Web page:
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All in the Family

Has Amethi been touched by the winds of change in Indian politics?

Written by RAMENDRA SINGH | Published:January 5, 2014 4:25 am

Of the many slogans painted on unplastered brick walls and narrow lanes in Amethi,this one seems to particularly express the steadfast loyalty of this Lok Sabha constituency in Uttar Pradesh: Kabhie na bhoolo Rajiv bhaiya ka ehsan,duniya mein banayi Amethi ki alag pehchan. (Never forget Rajiv Gandhi’s favours,he gave Amethi a separate identity). For the Gandhi dynasty and its scion,Amethi has been both a royal bastion and a faithful retainer.

But with the rout of the Congress in recent assembly elections in four states,and the increasing helplessness of Rahul Gandhi’s earnest do-gooding against the Modi juggernaut,what are the over 15 lakh voters of Amethi thinking? The newest political challenger,Aam Aadmi Party (AAP),has made a quiet appearance here,with brash talk of fielding Kumar Vishwas against Congress vice-president Rahul Gandhi. Can its disruptive politics take root here?

At tea stalls and paan shops,there is talk of the general elections ahead. While loyalties still run deep among an older generation,a dissenting note can be heard in conversations with youngsters,who want not just patronage,but jobs and amenities. Ashutosh Mishra will cast his ballot for the first time in the coming Lok Sabha polls. “Modi is brilliant. Rahul failed to impress me when he came to our school,” says the 18-year-old,when we meet him at the American English Speaking Institute,where he is pursuing a spoken English course.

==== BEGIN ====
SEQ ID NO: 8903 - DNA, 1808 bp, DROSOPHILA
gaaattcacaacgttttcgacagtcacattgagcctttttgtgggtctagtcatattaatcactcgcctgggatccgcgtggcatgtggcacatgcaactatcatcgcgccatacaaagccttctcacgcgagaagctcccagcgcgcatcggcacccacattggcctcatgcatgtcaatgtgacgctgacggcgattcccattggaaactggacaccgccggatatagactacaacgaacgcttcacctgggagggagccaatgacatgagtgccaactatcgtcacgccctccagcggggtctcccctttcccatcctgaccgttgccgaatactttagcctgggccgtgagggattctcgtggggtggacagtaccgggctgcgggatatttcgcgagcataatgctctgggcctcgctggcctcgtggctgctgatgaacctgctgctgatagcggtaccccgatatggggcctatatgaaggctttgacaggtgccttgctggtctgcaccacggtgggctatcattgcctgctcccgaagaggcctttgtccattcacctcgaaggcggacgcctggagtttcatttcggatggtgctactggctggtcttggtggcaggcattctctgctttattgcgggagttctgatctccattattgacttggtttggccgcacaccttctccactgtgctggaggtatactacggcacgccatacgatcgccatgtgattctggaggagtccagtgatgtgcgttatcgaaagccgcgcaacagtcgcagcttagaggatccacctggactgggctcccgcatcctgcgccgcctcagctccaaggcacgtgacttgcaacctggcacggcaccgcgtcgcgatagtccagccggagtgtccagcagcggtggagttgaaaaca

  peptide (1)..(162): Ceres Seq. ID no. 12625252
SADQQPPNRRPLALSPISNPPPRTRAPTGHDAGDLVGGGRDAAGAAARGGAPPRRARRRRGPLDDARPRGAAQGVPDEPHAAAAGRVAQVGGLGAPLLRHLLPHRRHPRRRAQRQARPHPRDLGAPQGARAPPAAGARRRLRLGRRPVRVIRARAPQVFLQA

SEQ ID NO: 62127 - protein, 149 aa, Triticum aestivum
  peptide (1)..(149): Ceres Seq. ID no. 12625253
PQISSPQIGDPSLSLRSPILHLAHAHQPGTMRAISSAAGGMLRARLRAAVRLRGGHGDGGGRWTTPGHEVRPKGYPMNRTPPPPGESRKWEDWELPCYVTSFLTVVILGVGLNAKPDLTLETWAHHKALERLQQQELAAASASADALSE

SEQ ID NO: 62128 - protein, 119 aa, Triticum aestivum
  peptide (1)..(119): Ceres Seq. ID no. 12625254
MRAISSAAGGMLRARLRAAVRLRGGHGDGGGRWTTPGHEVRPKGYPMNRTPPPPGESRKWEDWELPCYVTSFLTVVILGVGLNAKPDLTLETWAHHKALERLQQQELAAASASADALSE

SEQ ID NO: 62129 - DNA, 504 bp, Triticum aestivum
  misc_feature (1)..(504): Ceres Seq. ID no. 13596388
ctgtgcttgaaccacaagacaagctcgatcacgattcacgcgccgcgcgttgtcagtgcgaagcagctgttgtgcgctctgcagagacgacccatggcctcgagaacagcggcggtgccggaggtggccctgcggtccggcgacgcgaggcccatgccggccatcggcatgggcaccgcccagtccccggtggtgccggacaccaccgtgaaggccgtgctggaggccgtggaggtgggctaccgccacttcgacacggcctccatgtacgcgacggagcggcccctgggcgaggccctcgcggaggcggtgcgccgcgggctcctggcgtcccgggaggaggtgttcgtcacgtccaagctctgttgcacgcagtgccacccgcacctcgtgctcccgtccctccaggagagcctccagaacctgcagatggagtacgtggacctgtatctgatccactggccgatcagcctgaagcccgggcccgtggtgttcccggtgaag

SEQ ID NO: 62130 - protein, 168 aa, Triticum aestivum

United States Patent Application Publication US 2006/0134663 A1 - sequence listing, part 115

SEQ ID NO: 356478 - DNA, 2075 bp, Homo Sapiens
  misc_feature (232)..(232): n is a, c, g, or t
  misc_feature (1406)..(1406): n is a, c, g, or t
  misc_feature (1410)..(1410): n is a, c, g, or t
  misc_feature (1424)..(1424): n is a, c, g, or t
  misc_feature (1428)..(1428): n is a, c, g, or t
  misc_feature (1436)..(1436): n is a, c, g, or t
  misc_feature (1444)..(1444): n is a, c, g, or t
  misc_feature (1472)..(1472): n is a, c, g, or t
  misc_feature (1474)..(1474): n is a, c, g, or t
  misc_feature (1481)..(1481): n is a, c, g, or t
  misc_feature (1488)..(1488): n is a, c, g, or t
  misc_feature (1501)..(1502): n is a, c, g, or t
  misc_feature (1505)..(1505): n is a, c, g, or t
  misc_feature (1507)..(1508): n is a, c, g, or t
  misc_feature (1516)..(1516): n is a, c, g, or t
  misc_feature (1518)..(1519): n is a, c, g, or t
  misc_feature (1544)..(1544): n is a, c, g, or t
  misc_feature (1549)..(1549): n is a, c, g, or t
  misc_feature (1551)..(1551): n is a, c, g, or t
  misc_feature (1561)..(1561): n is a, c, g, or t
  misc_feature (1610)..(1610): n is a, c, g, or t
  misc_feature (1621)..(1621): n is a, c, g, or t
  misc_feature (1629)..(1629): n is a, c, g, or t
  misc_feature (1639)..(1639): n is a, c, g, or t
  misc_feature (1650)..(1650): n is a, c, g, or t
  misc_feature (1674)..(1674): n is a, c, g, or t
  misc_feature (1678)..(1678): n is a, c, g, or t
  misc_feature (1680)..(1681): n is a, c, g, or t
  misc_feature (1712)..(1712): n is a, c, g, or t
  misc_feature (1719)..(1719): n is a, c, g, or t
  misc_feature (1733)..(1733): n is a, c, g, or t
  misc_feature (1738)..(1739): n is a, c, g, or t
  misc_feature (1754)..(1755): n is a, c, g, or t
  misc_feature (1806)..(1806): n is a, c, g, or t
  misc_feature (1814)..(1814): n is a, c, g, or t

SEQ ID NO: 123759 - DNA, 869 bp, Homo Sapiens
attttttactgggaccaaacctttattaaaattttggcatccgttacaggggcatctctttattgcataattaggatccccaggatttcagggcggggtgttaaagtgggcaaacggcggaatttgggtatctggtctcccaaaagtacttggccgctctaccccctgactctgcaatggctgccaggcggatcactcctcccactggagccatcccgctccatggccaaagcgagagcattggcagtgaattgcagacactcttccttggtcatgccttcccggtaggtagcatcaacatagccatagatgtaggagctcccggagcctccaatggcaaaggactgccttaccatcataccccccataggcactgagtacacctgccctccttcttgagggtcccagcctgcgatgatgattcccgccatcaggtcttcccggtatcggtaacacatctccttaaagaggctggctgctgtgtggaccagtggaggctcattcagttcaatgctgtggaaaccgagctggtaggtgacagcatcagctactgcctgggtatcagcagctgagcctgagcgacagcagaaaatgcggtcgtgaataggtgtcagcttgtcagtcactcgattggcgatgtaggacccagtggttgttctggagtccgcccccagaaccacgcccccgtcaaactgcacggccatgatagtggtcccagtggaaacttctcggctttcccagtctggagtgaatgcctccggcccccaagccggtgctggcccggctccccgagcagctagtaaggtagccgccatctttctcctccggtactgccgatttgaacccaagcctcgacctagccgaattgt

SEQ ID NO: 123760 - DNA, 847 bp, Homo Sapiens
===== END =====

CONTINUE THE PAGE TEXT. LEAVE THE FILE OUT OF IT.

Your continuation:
Many youngsters see Rahul as a non-performer not only in comparison with Modi and AAP leader Arvind Kejriwal,but also his own ancestors — Rajiv Gandhi and Sanjay Gandhi. “What’s the use of multi-crore projects if they do not benefit locals? Amethi was developed by Rajiv Gandhi but Rahul has done nothing. The development work in Gujarat,on the other hand,is impressive. I can’t even think of getting a job here,” says Mishra,who wants to do a management course,and plans to join his father,who works as a security guard in Noida.

Dhirendra Pratap Singh,19,who studies at Ranveer Rananjay PG College,calls his family Congress bhakts (worshippers) and knows they will always vote for the panja. But he minces no words in expressing his dissatisfaction. “Kaam ka Rahul nahi hai,sirf naam ka Rahul hai,” he says,standing a few yards away from a statue of Rajiv Gandhi in a busy market. A resident of Bhausinghpur village near Amethi,he says he will vote for the BJP.

But before he can finish,Dayaram Yadav joins the conversation. Holding on to a stick for support,the 72-year-old says,“I was a security guard at PGIMER,Chandigarh. People gave me respect just because I was from Rahul’s constituency. I will always vote for him.”

Some youngsters,who have benefitted from the new institutes in the district,agree with him. Mishra’s friend,Navneet Singh,feels Rahul has been instrumental in opening professional institutes in the district and providing other amenities. An undergraduate at the Ranveer Rananjay College,his younger sister studies at Footwear Design and Development Institute in Fursatganj area of Amethi district.

Amethi district has 1,431 government primary schools,433 government upper primary schools,33 government-aided primary schools,42 madrasas and 145 intermediate schools,including 18 government inter-colleges. There is one Kendriya Vidyalaya in Jagdishpur and a Navodaya Vidyalaya in Gauriganj. Congress MP from Sultanpur Sanjay Singh,who belongs to the erstwhile princely state of Amethi,runs many schools and about half a dozen colleges,including professional ones for pharmacy and engineering.

Ever since the UPA came to power,every rail budget has has a project or two for Amethi. It has become a lot easier for 21-year-old Singh to travel between Amethi and Rae Bareli for his coaching classes. “Earlier,I had to catch a train at 5.15 am. But I board the new train Rahul started at 8.15 am and reach Rae Bareli by 9,” says Singh.